Age of Empires IV
The Good: Gobs of Triple-A polish. Videos, graphics, music, voice work – all first rate. Big single player campaign.
The Bad: Iffy pathing. Have AIs really gotten no smarter since 2005? Uninspired multiplayer.
The Ugly: I waited 15+ years for this?
And really, it’s been more like 22 years (on a side note, wow I’m old), because I’ve always considered AOE3 in 2005 to be a fair step down from 1999s AOE2, and it is clear that AOE4 is more of a spiritual successor to AOE2 with a return to four collectable resources (food, wood, gold, stone) and the removal of the questionable card system of AOE3.
Whichever, RTS games have always been my go-to genre, and with the demise of Command and Conquer franchise and the seeming end of the AOE series and the stagnation of Starcraft (and argue with me if you like, but the whole Total War series I have always seen as too complicated to scratch my simple RTS itch), it was pretty much just Company of Heroes to sustain me (great series though that is), and I had been losing hope. So, I was pleasantly surprised when I heard AOE4 was coming out, and now that I’ve played it, I find it has a lot to offer. At a time when several games are abandoning single player content entirely (not an RTS, but I’m looking at you Battlefield 2042), AOE4 delivers an enormous single player campaign that spans forty missions (I had to look that number up online – after about 15 hours of playing, I’m apparently less than halfway done). The missions are introduced using real video footage with soldiers appearing as wire frames. Building construction uses that wire frame animation as well, and it’s neat. Civilizations still advance through ages as in previous AOE iterations, though in this instance players are given a choice of different special buildings to construct to advance which provide different advantages. There are 8 playable civilizations each with unique units and bonuses (and interestingly the Mongols have a portable city center and build no buildings), and their own voice work and theme music and unit graphics – very snazzy. Though I’m sure some will complain, I find the balance between them pretty good.
But there are some weird hinks, like it is easier for an army to breach a wall than a gate (the gate seems to have way more hitpoints), and from a tactical standpoint it is easier to just bust down stone walls with a battering ram than mount the walls with a siege tower and try to storm a city that way. I’m also surprised by how poor the pathing is at times when groups of units get tangled up moving past buildings, trees, and other unit formations. Also, when you command an attack against a group of units, as the enemy numbers dwindle, your units have difficulty finding a way to move into combat range with the few remaining soldiers. In general, things like a cavalry charge look great right up to the moment of collision, when they pull up short and then the units just kind of mill around poking each other with their various weapons.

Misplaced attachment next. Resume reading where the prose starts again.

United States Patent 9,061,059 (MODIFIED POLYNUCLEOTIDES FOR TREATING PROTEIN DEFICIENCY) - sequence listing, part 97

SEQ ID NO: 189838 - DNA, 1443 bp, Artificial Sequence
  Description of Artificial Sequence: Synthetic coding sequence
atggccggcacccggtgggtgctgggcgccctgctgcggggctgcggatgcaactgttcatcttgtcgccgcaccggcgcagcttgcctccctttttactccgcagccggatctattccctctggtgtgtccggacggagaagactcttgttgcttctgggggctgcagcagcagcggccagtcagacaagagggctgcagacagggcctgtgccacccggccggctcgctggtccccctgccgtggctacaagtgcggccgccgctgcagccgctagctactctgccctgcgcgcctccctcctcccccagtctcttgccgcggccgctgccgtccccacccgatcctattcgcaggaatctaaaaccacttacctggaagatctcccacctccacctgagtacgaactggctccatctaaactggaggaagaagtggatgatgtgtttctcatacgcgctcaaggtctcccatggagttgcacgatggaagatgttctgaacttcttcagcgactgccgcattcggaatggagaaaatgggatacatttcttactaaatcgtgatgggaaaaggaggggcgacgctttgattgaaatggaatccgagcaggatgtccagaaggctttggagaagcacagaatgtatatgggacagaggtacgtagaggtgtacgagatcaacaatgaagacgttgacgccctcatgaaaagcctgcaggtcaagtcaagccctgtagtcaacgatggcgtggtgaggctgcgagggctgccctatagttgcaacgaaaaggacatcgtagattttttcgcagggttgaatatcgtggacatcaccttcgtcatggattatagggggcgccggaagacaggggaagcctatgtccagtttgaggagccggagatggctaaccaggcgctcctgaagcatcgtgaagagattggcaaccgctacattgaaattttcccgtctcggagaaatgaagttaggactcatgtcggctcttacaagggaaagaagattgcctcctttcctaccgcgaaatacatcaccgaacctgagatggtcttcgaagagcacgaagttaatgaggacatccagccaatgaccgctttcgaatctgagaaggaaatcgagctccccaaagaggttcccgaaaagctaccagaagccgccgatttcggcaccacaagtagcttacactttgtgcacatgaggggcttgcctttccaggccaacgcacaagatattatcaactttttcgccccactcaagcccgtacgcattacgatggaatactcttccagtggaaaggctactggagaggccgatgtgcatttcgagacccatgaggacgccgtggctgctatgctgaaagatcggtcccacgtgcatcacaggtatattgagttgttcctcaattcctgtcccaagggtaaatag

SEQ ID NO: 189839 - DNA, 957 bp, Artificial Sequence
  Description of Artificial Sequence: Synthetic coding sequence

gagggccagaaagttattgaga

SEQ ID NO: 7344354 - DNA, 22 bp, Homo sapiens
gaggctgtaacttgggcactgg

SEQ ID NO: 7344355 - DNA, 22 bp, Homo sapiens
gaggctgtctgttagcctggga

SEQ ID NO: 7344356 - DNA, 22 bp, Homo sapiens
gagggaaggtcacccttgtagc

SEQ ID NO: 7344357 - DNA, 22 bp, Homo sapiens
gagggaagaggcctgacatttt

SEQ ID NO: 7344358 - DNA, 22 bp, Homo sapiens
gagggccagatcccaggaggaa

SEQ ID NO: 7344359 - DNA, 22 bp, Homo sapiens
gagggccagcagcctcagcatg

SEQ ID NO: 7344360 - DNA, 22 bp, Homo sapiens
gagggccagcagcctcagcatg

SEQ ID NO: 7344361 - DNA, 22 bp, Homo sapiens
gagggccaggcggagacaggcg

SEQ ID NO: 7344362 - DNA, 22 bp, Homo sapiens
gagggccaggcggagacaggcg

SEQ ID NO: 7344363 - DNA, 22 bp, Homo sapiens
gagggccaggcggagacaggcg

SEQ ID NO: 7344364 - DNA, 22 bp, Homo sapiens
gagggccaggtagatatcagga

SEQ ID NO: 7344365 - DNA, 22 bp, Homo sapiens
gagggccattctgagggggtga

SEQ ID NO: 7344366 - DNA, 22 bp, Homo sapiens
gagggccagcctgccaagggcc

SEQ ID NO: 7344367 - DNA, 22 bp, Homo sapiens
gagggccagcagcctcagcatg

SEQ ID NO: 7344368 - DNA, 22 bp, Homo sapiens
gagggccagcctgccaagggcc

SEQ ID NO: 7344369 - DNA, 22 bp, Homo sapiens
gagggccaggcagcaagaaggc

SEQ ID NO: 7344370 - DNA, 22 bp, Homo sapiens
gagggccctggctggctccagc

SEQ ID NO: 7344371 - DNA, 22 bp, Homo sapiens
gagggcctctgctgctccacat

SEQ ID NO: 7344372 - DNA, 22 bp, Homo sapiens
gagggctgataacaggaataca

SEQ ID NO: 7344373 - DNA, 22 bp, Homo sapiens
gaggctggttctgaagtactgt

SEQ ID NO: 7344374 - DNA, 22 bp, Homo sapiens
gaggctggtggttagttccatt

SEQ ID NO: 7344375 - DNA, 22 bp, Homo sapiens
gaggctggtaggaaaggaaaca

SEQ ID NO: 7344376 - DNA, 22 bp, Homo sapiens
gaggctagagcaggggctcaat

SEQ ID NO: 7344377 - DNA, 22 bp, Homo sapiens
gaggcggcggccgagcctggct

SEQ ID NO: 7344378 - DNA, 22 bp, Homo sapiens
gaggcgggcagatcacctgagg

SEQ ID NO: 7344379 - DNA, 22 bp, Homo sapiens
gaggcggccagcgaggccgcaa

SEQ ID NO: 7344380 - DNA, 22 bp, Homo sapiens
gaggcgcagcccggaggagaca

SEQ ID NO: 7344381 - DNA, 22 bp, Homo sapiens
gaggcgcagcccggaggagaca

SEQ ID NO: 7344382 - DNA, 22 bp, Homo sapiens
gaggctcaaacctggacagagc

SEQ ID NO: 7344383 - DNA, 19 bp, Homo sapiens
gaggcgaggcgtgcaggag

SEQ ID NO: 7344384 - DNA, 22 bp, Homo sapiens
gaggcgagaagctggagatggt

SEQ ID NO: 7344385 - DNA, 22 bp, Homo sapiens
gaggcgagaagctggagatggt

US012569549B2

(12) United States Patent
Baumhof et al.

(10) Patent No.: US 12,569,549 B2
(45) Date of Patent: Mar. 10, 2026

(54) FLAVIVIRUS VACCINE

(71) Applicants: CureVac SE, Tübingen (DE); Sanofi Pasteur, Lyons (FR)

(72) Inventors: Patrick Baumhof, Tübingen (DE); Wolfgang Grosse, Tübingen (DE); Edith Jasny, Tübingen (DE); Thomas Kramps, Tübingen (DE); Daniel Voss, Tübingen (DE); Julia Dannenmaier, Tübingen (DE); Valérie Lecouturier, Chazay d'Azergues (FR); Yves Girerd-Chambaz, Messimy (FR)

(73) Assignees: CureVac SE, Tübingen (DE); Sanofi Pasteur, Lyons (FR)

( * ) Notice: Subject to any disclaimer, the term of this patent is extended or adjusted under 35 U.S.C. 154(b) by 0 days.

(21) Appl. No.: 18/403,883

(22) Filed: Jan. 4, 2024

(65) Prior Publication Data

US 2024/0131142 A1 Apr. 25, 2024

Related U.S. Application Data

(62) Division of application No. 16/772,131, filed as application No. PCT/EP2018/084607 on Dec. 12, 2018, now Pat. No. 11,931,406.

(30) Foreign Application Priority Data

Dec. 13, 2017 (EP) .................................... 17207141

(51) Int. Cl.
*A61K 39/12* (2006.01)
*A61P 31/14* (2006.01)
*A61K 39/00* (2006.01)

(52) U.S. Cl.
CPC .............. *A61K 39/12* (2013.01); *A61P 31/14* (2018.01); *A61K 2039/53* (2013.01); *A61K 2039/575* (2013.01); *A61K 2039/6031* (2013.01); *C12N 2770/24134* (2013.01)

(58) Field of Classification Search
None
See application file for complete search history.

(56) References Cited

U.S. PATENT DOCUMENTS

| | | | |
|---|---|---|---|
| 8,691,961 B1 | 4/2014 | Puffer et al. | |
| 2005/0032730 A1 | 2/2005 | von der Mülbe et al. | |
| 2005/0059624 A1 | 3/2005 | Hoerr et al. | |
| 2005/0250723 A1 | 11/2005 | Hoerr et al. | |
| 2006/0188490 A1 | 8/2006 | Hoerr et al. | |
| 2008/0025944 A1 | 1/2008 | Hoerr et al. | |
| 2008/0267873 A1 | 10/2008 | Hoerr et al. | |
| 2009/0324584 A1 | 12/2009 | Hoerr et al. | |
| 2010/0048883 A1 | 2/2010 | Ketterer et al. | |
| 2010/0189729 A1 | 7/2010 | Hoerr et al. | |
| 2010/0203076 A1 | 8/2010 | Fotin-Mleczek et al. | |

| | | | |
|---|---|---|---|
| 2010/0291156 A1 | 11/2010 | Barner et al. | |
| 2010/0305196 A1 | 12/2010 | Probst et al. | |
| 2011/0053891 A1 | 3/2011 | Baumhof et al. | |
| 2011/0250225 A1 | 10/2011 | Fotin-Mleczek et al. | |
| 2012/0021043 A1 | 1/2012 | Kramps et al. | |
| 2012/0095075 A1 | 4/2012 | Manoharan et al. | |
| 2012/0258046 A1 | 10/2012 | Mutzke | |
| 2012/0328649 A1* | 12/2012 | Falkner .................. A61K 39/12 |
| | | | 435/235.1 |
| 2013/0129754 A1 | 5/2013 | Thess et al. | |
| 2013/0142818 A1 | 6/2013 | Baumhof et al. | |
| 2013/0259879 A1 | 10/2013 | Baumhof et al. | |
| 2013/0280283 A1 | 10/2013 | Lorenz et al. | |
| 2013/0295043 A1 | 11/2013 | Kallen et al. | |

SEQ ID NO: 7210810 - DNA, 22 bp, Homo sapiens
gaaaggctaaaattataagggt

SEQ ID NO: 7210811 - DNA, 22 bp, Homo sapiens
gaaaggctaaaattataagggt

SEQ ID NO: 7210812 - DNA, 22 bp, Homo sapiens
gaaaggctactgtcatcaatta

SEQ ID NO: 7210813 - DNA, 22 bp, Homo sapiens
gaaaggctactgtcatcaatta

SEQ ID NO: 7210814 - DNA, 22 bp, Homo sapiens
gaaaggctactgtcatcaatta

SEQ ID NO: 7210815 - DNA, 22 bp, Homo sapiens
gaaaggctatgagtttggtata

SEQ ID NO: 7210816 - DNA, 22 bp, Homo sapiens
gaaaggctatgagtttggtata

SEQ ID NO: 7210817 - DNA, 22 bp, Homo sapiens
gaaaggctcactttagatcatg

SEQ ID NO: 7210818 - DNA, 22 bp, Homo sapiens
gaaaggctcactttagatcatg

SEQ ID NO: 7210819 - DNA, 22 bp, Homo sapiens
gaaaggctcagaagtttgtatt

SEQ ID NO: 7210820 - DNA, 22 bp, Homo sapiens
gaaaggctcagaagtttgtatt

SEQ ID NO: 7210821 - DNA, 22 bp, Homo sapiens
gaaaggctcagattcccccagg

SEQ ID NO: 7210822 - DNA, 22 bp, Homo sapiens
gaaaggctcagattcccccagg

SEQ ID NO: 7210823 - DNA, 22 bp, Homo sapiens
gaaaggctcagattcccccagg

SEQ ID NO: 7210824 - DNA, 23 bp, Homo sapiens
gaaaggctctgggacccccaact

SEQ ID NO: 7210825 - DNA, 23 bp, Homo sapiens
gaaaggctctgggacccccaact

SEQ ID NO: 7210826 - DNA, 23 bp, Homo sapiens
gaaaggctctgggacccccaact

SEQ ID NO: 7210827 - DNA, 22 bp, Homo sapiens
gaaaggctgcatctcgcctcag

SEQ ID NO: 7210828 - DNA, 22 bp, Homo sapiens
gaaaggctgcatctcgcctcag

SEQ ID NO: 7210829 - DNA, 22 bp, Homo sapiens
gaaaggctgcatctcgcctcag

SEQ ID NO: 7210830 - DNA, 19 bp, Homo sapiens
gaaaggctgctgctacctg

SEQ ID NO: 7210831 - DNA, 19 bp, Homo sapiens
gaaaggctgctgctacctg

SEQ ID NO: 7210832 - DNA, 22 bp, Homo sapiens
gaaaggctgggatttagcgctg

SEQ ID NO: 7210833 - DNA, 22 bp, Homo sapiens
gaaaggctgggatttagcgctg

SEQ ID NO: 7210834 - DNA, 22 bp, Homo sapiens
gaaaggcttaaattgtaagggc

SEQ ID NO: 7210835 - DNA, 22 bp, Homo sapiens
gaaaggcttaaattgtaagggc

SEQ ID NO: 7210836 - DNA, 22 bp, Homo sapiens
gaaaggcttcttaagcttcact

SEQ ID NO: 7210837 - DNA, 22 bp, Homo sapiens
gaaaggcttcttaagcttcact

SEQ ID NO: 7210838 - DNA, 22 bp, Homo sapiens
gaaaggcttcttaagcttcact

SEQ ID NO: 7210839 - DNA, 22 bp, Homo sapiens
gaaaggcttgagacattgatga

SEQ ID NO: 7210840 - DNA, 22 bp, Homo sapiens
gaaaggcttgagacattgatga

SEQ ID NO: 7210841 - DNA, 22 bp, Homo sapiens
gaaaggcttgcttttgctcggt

I’ve also got some complaints about the enemy AI. Units have a very clear range of engagement, and you can have a group of archers plink a cluster of enemy units, and then run away – the enemy units will give up the chase and return to their original position after just a short distance. Wash, rinse, repeat, and it’s a very cheap way to kill a lot of enemies. I’ve also noticed on standard difficulty, that the enemy will try and breach your defenses with, say, six horsemen, and when that fails, they’ll try to breach them again with six more horsemen, and then for some variety try again with six more horsemen. At least on intermediate difficulty, the Ai doesn’t put up much of a fight. Your units need a lot of micromanagement as well, as the enemy can engage a long formation of archers and only some of the line will get involved, and pikemen told to stay in place to thwart a horse charge may wonder off their mark to do something else. Controlling big groups of different units remains just as much a pain in the keister as ever. Frankly that I saw these AI problems in AOE2 in 1999 and still see them today is disappointing.
Multiplayer is entirely skirmish, 1v1 through 4v4 where you fight for either military victory, be the first to build a wonder, or take and hold a number of sacred sites on the map. I had been hoping to see some new multiplayer modes, but alas not. There are some setup and function controls in the multiplayers screens that don’t do anything yet, like the choice of using a created map instead of one of the generated ones, but there aren’t any maps in that tab yet so presumably that map making tool is coming. You can also play the maps against a collection of enemy AI if you choose. It all feels like a weird throwback to C&C3.
So Age of Empires IV is well put together and polished to high hell. I wish that something new had been done to bring the RTS genre that has been sitting more or less idle for a decade or so into the modern era, but you can’t have everything, and I suspect that more stuff like a map editor will be added in the future. Beyond that, with the recently released AOE2 Definitive Edition, that title, now 22 years old and $30 cheaper, already comes with a map editor that AOE4 lacks, and roughly a trillion player-made maps, and is probably the better bargain for your gaming dollar, especially if somehow you never got around to playing it previously.
Reviewed By: Phil Soletsky
Publisher: Xbox Game Studios
This review is based on a digital copy of Age of Empires IV for the PC provided by Xbox Game Studios.